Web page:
Saturday, May 16, 2015

Brooklyn band Fireships releases new album, bringing soaring Americana sound to Chicago

 

By ERIC SCHELKOPF

Innovative indie artist Andrew Vladeck soars into new musical horizons with his new band, Fireships.

Fireships released its self-titled debut album in April on End Up Records, and will perform May 21 at Uncommon Ground, 1401 W. Devon Ave., Chicago. The show starts at 9 p.m.

I had the chance to talk to Vladeck about his new band.

Q - It seems like the video for "Countdown Time" was fun to make. Growing up, did you ever dream of becoming an astronaut? What was it like going inside an actual Mercury Era space capsule? 

I didn’t dream of becoming an astronaut per se, but did daydream that I was Han Solo.  Who didn’t?


 That space capsule from the “Countdown Time” video might as well have been the cockpit of the Millennium Falcon. It was AMAZING.

The “Countdown Time” story is really a metaphor for all fantastic dreams and ambitions that we have as children, but we reckon with as adults.

Q - Explain the meaning behind the band’s name.
 

Our name is taken from an amazing footnote in American history: the little Hudson River sloops that repelled mighty British warships during opening hostilities of the battle for New York during the Revolutionary War. The nascent U.S. navy stuffed old river sloops with dry timber and stealthily pushed them towards the men-of-war under cover of a moonless night, at the last moment setting them ablaze, scaring the warships away.



I was inspired by how my hometown’s ancestors harnessed the dualistic nature of fire and water to literally and figuratively fight darkness with light. I was inspired by the victory of the underdogs.

This resonated more deeply as I was writing the album. I realized that songs themselves are fireships; composed of fire and water and cast into the night to brighten our lives. Amen!
 

Q - You also wear your old park ranger uniform in the video. Why did you want to become a park ranger and what did you learn from the experience? How did you become known as “The Singing Ranger?”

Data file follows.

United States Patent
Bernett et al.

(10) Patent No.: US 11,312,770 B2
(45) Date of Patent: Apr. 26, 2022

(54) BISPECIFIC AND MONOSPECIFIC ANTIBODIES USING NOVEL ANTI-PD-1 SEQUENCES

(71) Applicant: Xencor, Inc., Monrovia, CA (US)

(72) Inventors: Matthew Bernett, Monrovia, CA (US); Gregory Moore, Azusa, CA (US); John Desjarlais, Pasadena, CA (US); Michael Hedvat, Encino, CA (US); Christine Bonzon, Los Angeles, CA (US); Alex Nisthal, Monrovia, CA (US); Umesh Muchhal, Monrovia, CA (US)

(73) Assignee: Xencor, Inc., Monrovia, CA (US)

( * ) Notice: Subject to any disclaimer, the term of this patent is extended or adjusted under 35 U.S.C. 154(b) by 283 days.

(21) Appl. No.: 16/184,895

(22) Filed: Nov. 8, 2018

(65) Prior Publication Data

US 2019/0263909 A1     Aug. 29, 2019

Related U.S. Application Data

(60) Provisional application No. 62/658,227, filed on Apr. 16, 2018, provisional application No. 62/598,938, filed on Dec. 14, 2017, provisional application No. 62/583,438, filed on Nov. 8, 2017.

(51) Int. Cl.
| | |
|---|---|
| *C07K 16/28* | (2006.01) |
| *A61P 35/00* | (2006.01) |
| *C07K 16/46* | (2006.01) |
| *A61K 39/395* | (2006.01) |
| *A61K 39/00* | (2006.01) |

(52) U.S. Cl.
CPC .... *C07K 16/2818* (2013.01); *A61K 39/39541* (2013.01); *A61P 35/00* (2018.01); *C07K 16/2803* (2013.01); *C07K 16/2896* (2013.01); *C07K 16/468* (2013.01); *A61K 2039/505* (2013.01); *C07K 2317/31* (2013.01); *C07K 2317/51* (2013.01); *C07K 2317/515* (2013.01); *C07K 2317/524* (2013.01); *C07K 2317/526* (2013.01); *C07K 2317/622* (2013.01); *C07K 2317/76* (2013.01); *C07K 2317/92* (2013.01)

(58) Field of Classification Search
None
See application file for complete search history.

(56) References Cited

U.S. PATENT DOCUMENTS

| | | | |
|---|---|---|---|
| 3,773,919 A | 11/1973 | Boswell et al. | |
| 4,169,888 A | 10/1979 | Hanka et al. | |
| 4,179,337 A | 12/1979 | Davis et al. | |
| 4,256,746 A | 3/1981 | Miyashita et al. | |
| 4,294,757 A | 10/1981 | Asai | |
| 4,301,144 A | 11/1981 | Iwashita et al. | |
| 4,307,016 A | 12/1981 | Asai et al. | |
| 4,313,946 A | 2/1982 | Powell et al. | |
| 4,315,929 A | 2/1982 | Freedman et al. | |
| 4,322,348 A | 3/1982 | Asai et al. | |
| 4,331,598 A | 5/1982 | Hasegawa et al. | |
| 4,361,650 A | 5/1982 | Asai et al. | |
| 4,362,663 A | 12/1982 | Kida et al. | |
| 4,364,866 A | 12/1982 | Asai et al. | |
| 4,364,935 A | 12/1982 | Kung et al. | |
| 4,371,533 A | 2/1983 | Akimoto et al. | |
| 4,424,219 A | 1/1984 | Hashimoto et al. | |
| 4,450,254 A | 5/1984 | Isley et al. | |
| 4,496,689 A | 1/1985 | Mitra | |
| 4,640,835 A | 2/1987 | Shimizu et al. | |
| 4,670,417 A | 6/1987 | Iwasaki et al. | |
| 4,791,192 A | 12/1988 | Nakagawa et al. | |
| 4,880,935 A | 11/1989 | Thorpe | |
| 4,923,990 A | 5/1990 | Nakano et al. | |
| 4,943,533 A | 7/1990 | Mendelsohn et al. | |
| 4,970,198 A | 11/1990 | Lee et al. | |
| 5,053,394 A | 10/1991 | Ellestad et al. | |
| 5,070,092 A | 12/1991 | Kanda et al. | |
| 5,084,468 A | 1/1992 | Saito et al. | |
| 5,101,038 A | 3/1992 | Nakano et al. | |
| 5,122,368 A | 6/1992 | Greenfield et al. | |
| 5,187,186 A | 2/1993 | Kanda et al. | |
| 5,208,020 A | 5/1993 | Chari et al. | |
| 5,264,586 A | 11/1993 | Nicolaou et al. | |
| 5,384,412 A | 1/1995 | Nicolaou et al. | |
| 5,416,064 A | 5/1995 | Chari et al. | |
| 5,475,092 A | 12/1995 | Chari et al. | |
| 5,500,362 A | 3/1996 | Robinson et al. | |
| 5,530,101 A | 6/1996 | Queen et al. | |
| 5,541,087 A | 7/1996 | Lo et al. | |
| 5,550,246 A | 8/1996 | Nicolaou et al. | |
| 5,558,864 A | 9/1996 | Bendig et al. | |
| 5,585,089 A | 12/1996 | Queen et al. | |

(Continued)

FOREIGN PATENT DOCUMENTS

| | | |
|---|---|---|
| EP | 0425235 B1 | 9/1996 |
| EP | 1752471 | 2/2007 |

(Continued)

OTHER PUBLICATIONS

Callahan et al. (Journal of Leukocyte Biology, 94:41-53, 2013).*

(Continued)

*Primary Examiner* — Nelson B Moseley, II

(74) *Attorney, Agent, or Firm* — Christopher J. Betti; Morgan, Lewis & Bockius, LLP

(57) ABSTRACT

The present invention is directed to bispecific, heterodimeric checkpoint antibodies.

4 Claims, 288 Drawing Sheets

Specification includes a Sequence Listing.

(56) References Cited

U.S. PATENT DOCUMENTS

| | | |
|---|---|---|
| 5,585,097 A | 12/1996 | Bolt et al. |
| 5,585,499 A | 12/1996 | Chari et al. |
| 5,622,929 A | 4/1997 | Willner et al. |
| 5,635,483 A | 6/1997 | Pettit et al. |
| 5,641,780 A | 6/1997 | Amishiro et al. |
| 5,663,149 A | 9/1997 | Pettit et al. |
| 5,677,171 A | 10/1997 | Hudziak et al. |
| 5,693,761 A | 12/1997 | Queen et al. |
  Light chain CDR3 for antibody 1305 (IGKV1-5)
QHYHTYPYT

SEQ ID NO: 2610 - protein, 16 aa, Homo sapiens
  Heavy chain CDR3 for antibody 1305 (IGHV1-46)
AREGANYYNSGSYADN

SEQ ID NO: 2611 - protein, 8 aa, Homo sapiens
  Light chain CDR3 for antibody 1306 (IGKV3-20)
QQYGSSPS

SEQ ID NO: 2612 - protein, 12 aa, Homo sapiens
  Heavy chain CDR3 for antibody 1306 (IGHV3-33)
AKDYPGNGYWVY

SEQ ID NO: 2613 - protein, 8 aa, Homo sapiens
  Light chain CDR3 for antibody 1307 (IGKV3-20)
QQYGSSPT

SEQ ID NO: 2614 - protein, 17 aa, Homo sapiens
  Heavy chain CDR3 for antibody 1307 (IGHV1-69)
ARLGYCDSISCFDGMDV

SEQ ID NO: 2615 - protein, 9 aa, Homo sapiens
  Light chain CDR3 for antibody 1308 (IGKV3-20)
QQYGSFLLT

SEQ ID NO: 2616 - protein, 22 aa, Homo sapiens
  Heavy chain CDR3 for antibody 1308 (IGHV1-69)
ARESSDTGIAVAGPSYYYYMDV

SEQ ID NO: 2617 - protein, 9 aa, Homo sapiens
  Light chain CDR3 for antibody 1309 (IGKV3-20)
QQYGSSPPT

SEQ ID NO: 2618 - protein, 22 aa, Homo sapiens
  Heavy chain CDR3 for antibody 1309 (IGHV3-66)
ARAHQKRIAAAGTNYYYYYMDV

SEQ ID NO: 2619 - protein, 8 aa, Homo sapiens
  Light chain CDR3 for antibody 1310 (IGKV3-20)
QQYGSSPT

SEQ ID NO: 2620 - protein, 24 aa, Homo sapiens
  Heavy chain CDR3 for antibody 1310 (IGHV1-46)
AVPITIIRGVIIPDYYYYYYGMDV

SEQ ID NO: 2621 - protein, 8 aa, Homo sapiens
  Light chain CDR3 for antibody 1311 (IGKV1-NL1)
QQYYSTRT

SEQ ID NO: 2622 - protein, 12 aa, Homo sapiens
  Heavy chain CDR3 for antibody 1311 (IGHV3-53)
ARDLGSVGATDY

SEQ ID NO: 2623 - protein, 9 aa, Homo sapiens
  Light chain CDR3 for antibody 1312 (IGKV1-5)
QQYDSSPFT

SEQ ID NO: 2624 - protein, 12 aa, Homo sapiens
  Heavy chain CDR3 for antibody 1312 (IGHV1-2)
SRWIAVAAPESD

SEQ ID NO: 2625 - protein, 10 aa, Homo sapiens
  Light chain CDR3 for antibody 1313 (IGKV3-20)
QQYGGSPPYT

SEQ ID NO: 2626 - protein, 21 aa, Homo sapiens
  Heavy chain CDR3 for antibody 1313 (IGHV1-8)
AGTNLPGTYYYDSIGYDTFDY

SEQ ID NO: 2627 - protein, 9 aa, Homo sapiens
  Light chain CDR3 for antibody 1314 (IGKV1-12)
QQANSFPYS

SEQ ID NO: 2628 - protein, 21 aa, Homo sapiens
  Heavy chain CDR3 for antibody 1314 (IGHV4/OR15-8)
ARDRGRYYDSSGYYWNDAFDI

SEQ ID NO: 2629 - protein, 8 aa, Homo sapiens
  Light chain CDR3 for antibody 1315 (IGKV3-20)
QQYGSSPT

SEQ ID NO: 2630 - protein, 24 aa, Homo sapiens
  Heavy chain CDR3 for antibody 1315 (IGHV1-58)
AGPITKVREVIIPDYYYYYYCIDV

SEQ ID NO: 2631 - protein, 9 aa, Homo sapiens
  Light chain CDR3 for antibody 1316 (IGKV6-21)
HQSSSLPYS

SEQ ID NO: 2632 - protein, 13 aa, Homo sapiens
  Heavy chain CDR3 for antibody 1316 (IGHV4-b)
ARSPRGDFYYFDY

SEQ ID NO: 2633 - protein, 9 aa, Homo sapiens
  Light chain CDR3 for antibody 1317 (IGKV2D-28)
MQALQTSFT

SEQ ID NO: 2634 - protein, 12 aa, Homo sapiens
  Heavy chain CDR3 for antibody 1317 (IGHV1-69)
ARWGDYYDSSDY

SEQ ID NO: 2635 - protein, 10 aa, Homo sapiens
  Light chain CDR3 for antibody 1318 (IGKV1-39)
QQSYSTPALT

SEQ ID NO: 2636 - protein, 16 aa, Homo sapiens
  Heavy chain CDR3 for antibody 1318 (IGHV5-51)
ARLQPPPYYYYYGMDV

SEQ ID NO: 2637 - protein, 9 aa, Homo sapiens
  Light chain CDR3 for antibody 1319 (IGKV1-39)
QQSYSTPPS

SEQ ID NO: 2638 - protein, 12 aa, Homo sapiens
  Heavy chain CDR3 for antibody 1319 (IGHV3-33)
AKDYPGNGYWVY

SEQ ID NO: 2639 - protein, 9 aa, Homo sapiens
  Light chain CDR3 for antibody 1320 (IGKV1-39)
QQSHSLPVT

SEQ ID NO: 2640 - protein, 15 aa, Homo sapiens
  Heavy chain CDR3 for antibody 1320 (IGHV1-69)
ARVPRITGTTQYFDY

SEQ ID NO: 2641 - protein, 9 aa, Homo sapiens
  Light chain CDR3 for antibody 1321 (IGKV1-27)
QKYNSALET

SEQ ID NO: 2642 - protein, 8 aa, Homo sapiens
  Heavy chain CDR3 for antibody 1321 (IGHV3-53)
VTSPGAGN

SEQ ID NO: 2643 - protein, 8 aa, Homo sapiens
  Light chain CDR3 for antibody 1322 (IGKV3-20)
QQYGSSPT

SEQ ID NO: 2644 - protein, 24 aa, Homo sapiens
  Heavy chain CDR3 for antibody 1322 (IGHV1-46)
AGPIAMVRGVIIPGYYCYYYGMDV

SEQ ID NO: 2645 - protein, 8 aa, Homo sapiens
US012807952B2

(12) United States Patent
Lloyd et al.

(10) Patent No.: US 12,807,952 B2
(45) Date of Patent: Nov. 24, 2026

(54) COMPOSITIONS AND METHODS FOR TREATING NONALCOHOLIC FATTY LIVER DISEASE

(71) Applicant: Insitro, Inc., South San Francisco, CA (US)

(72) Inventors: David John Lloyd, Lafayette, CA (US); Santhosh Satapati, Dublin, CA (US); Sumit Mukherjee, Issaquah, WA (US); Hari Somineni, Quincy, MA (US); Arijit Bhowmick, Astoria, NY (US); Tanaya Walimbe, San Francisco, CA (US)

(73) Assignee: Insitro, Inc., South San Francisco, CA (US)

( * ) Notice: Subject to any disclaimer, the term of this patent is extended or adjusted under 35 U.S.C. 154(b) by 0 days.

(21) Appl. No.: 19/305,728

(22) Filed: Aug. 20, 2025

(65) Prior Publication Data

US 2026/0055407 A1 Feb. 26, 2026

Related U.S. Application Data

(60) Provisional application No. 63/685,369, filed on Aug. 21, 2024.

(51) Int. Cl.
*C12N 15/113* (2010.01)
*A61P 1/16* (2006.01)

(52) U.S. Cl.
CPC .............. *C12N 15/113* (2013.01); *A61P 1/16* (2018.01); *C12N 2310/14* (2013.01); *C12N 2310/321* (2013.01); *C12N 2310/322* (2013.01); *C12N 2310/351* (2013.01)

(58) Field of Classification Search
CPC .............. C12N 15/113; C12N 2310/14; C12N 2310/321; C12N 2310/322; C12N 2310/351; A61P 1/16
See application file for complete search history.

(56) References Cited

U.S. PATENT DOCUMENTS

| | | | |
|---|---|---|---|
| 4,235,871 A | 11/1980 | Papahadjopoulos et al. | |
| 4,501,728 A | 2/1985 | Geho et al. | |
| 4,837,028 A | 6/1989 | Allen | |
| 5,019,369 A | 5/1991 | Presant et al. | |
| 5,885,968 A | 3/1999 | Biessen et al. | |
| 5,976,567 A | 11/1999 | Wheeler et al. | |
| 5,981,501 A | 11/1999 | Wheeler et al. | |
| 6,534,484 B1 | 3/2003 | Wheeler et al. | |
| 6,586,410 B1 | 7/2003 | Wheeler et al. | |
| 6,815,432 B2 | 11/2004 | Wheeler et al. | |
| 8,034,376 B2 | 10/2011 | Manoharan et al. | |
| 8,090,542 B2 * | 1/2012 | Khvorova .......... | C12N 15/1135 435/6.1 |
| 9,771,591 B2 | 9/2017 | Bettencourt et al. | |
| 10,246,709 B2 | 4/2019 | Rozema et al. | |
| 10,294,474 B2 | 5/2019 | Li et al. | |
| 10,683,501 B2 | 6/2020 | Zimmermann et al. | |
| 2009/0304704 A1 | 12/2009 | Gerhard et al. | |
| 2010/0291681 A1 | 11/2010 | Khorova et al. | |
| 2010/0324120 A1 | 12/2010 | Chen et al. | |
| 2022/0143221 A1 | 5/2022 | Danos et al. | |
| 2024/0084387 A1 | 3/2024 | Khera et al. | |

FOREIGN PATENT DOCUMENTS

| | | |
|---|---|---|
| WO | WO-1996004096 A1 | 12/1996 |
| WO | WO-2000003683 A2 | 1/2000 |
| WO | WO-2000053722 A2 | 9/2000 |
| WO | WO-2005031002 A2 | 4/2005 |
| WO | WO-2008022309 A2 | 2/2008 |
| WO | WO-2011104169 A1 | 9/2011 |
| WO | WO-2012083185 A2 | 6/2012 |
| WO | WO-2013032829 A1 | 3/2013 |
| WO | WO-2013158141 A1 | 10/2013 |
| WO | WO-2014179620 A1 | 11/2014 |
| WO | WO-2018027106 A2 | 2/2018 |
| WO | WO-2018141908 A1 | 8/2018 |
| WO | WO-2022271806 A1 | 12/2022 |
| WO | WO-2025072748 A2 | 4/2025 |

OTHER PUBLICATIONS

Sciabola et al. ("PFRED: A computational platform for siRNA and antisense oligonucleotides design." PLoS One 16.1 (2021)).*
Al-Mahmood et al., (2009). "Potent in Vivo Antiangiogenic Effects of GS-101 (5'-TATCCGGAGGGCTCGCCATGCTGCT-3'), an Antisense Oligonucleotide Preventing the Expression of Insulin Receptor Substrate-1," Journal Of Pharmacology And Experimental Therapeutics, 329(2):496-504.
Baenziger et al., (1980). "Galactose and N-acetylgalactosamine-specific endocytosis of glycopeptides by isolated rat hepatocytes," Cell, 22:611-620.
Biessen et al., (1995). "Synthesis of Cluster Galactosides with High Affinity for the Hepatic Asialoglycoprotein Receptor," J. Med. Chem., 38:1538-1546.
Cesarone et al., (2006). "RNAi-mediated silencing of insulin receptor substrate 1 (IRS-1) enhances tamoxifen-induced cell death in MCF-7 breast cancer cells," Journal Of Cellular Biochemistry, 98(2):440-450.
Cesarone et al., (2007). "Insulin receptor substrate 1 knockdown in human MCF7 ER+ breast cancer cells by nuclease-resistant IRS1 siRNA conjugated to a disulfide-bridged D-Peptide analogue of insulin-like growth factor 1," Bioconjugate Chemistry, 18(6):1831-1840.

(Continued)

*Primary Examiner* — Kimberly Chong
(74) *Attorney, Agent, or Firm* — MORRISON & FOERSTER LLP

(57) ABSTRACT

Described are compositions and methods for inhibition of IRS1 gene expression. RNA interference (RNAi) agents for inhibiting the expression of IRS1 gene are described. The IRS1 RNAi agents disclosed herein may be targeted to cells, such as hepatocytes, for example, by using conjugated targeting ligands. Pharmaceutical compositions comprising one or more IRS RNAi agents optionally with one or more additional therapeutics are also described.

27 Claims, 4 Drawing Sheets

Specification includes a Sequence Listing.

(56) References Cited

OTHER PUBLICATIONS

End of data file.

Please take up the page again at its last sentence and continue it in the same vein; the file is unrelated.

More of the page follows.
For me becoming an Urban Park Ranger was one of those dream jobs. I love how Urban Park Rangers exist simultaneously in nature and the city, witnessing and interpreting how the two interact and frame each other.


I learned that nature is tenacious and can find a way if we help it only a little - and be joyously surprised to hear coyotes in the Bronx, (!!!) to see a turtle laying eggs in Brooklyn, or a raccoon’s footprints in the Central Park mud.

I learned that people, from every walk of life all over the city, we’re equally gleeful when encountering something marvelous in nature, and also grateful for a chance to safely connect with other people - strangers - and share an experience, which was something we Rangers were fortunate to provide.

As for the singing bit, I was on assignment at a park event when I played a song before the scheduled performer - from that moment on I was farmed out to ranger events all over the city.

Q - Legendary composer David Amram is featured on the album. How did you hook up with him and what do you think he brought to the table?

I was so fortunate to meet him through my Honey Brother bandmate Ari Gold, whose father Herb Gold is a legendary writer of the same vintage as David Amram. David brings incredible musicality, generosity, and wisdom to every interaction.



It is a joy to know him, and every time I hear his playing on my record I feel great gratitude. And responsibility too - to share my gifts the way David shares his.

Q - I understand that Grammy nominated musician David Bromberg, who has worked with the likes of Bob Dylan and John Prine, gave you your first guitar and lesson. What were the biggest things that you learned from him?

David taught me that being passionate about music was not enough - I needed to work hard, be patient, self-critical, and self-reliant, while still keeping the joyous embers glowing, and not concern myself with anything but the talent or inspiration I could manifest.

Q - Besides this project, you also are in the bands The Honey Brothers and Balthrop, Alabama. How do you juggle all your different projects? Which project is your top priority these days?

There is no juggling these days. All hands on deck for Fireships!



Heave away! Haul on the bowline - full speed ahead!